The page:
Wednesday, 16 December 2015

The Left-handed Batsman

God makes man, and adds some variety to every single piece He manufactures. Some little quirks here and there, a bit of a surprise now and again, and what we get is what Evolutionists call genetic diversity. One of these wonderful varieties added to human life is the trait of left-handedness. And when you combine this with the wonderful sport of cricket, what results is sheer beauty.

The service that won 14 Grand Slam titles.
Welcome to my first blog, dear readers. So many things craved for my attention as I sat to think about the subject for this blog. What better, I thought, than write about a wonderful aspect of a beautiful game we all are so crazy about... Prior warning, if you do not care much for the sport this might bore you, but if you love it for its sheer beauty, this might be interesting!

First things first. Not all left-handed sportsmen are "left-handers" in the true sense. Rafael Nadal has a booming left-handed service, but writes and eats with his right. Sourav Ganguly, it is said, started batting left so that he could share his brother Snehasish's batting gloves.Sachin Tendulkar, on the other hand, scored 34,356 international runs batting right-handed, but you would find him signing autographs with his left. Nonetheless, cricket has a fixed definition for left-handed batsmen, and they are the subject of my attention.

A copybook left-hander's cover drive from Dada.
Cricket commentators can be heard very often commenting on a left-handed batsman's "natural grace of shot-making". Quite rightly so; we have had a galaxy of batsmen batting left-handed who have looked like grace personified on the field. But what makes them so much more cool to watch, playing the same shot as their right-handed counterparts? Lets start with the off-side strokes first. The textbook says, play offside strokes with your top hand, and use your wrist. Which is certainly easier said than done. For a left-hander, mind you, it is the right hand which stays at top. So for someone like Dada, or say a Suresh Raina, whose right hands are the strong hands, the right wrist motor nerves are much more easier to control, and also more accurate. So the perfectly timed shot bisecting cover and extra-cover looks so much more beautiful. And assuming we have a right-arm bowler bowling over the stumps, the natural angle of the cover drive, going with the angle, makes it even better. Compare this with a Virat Kohli cover drive. It is more of footwork, balance and timing, but maybe not as much grace. The other side of the coin, however, tends to be the angled bat. Such deft wrist movements tend to make the bat face open, resulting in feather touches to the keeper. So all in all, it is a left-hander's wrist which makes his off-side shots beautiful, but at the same time you get those slight nicks to the glovesman.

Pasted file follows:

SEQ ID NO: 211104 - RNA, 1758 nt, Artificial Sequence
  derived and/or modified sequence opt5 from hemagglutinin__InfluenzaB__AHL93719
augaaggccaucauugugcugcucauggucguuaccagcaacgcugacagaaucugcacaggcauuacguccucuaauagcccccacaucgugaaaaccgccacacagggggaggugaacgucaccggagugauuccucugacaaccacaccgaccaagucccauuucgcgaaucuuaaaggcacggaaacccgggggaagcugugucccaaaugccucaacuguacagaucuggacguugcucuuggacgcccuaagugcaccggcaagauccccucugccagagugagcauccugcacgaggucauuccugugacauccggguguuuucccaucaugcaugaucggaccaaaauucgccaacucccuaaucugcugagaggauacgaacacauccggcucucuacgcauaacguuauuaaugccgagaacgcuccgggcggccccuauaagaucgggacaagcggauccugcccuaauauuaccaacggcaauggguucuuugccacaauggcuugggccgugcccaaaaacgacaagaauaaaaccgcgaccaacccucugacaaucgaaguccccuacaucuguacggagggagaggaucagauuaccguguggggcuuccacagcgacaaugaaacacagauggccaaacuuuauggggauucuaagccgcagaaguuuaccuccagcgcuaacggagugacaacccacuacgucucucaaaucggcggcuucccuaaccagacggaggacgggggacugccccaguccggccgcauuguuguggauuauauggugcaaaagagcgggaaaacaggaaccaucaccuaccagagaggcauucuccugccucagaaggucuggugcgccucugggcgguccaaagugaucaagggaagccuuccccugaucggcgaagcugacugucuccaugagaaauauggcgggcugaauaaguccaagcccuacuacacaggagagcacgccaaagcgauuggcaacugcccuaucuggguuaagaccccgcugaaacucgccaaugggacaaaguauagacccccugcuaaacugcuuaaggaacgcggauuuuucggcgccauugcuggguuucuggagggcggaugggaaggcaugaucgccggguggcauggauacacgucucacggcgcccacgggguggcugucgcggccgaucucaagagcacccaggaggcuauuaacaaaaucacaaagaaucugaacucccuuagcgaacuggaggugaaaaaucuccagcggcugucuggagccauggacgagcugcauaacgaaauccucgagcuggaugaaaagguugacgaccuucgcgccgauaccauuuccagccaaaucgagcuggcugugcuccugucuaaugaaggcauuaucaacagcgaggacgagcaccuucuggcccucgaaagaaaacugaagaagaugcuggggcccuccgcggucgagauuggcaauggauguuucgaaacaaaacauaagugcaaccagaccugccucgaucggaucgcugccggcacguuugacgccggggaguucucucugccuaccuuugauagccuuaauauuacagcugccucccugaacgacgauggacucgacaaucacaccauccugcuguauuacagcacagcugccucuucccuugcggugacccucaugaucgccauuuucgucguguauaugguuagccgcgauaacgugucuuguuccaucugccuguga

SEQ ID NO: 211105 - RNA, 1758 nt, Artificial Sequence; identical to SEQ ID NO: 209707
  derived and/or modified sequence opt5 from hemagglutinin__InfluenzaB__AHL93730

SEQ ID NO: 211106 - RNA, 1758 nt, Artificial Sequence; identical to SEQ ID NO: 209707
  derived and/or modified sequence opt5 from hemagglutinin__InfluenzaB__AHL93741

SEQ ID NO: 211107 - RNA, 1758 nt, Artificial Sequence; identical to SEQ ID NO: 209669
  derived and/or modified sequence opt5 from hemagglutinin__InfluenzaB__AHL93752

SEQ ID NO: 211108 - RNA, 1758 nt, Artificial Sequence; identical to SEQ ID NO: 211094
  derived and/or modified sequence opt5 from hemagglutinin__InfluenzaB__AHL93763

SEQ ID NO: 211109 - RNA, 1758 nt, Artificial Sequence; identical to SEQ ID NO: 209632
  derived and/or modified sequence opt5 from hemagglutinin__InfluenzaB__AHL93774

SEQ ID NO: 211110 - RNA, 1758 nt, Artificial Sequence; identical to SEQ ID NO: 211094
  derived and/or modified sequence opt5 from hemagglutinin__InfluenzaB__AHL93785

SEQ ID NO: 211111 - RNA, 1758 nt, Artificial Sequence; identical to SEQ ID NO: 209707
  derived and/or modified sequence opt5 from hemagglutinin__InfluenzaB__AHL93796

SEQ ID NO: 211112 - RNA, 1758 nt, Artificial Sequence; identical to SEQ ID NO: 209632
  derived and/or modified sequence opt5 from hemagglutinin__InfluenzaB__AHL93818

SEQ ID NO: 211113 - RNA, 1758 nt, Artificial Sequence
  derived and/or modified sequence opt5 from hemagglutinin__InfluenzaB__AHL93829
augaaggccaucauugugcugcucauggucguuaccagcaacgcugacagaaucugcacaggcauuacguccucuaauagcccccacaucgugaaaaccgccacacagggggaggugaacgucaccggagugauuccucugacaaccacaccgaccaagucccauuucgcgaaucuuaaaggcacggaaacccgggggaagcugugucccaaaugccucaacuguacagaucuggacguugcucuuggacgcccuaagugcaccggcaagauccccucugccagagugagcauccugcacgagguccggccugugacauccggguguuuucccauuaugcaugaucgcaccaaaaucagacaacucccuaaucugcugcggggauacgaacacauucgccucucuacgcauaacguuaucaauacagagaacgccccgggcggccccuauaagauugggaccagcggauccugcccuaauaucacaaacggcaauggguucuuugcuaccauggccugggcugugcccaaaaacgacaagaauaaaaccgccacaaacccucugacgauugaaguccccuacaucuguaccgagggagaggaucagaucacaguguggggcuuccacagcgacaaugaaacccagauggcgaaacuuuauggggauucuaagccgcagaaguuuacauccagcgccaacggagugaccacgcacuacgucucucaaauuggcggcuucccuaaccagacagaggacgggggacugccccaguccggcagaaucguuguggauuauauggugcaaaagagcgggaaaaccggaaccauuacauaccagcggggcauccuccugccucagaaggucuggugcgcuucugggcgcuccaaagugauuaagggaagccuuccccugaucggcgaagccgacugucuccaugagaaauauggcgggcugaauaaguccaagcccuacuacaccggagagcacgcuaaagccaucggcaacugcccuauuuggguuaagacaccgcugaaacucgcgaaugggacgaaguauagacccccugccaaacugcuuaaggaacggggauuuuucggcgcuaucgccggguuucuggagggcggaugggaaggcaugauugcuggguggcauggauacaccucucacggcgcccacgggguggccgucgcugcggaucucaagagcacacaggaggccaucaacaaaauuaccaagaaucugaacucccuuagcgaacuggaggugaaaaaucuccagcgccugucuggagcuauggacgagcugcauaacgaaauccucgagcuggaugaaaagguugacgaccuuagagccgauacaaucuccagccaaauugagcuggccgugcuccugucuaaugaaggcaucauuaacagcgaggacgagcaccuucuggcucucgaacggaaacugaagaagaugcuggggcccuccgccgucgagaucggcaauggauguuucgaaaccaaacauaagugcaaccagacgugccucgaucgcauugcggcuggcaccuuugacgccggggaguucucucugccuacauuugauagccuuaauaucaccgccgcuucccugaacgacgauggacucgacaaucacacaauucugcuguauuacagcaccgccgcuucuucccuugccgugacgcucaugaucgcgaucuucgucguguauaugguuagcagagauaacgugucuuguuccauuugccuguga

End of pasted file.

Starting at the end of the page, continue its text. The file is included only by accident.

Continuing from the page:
David Warner and his powerful forearm.
An exception to this technique is David Warner. Blessed with such a strong right forearm is he, that any cover drive of his is booming shot, more of brute force, pummeling the ball to the boundary, with a rather locked wrist. Any room outside the off-stump and you're a goner, but his strong hands can fail when the ball is close to the stumps, as is the case with Shikhar Dhawan, and the edges carry to the slip cordon instead. Try this yourself. Lock your wrists into a fixed position, and mime a left-handed right-forearm-powered shot on the off-side. If you have strong arms and brilliant hand-eye coordination like Warner, you have control over your shot. If you don't, gully-cricket awaits.

Now for shots played down the wicket. Here the hand does not really make a lot of difference since other things like balance transfer and judgement of length are at play. Nevertheless, you do need to make contact at the right time and at the "sweet point" of the bat, or rather, considering rigid body kinetics, the "centre of percussion" of the bat.
Moving on to the leg side. On drives and flicks, both front and square of the wicket, have in general been the right-handers' forte. Rahul Dravid and VVS Laxman, two exponents of on side strokemaking, were both heavily dependent on the perfect rolling of their bottom, i.e. right, wrists. Born right-handers batting left, are at a disadvantage here, since for them it is the left wrist being called into action. Where the left-handers do benefit is booming slog sweep or lifted stroke over deep mid-wicket's head, against both pacers and spinners. Take a bow, Yuvraj Singh.

Name a batsman who is not at his best playing the hook or pull shot, and odds are that he bats left-handed. Suresh Raina, Ravindra Jadeja among the contemporaries, Vinod Kambli among the old-timers may plead guilty. Someone of the stature of Michael Clarke was also found wanting. What goes wrong? It is the inability to roll the wrists at the correct instant to keep the ball down. Play the pull shot in front of your front shoulder, they say. So the a left-hander's natural shuffle into the offside facing an over the wicket approaching missile, inevitably takes him away from the ball. The result: top edges down to deep fine leg.

This is more or less a comprehensive summary of a left-handed batsman's approach to shots all around the wicket. Not every generalization works in all cases, and one will run across exceptions now and then. But all in all, the contribution which left-handed batsmen make to this beautiful game we all love is worth its weight in gold!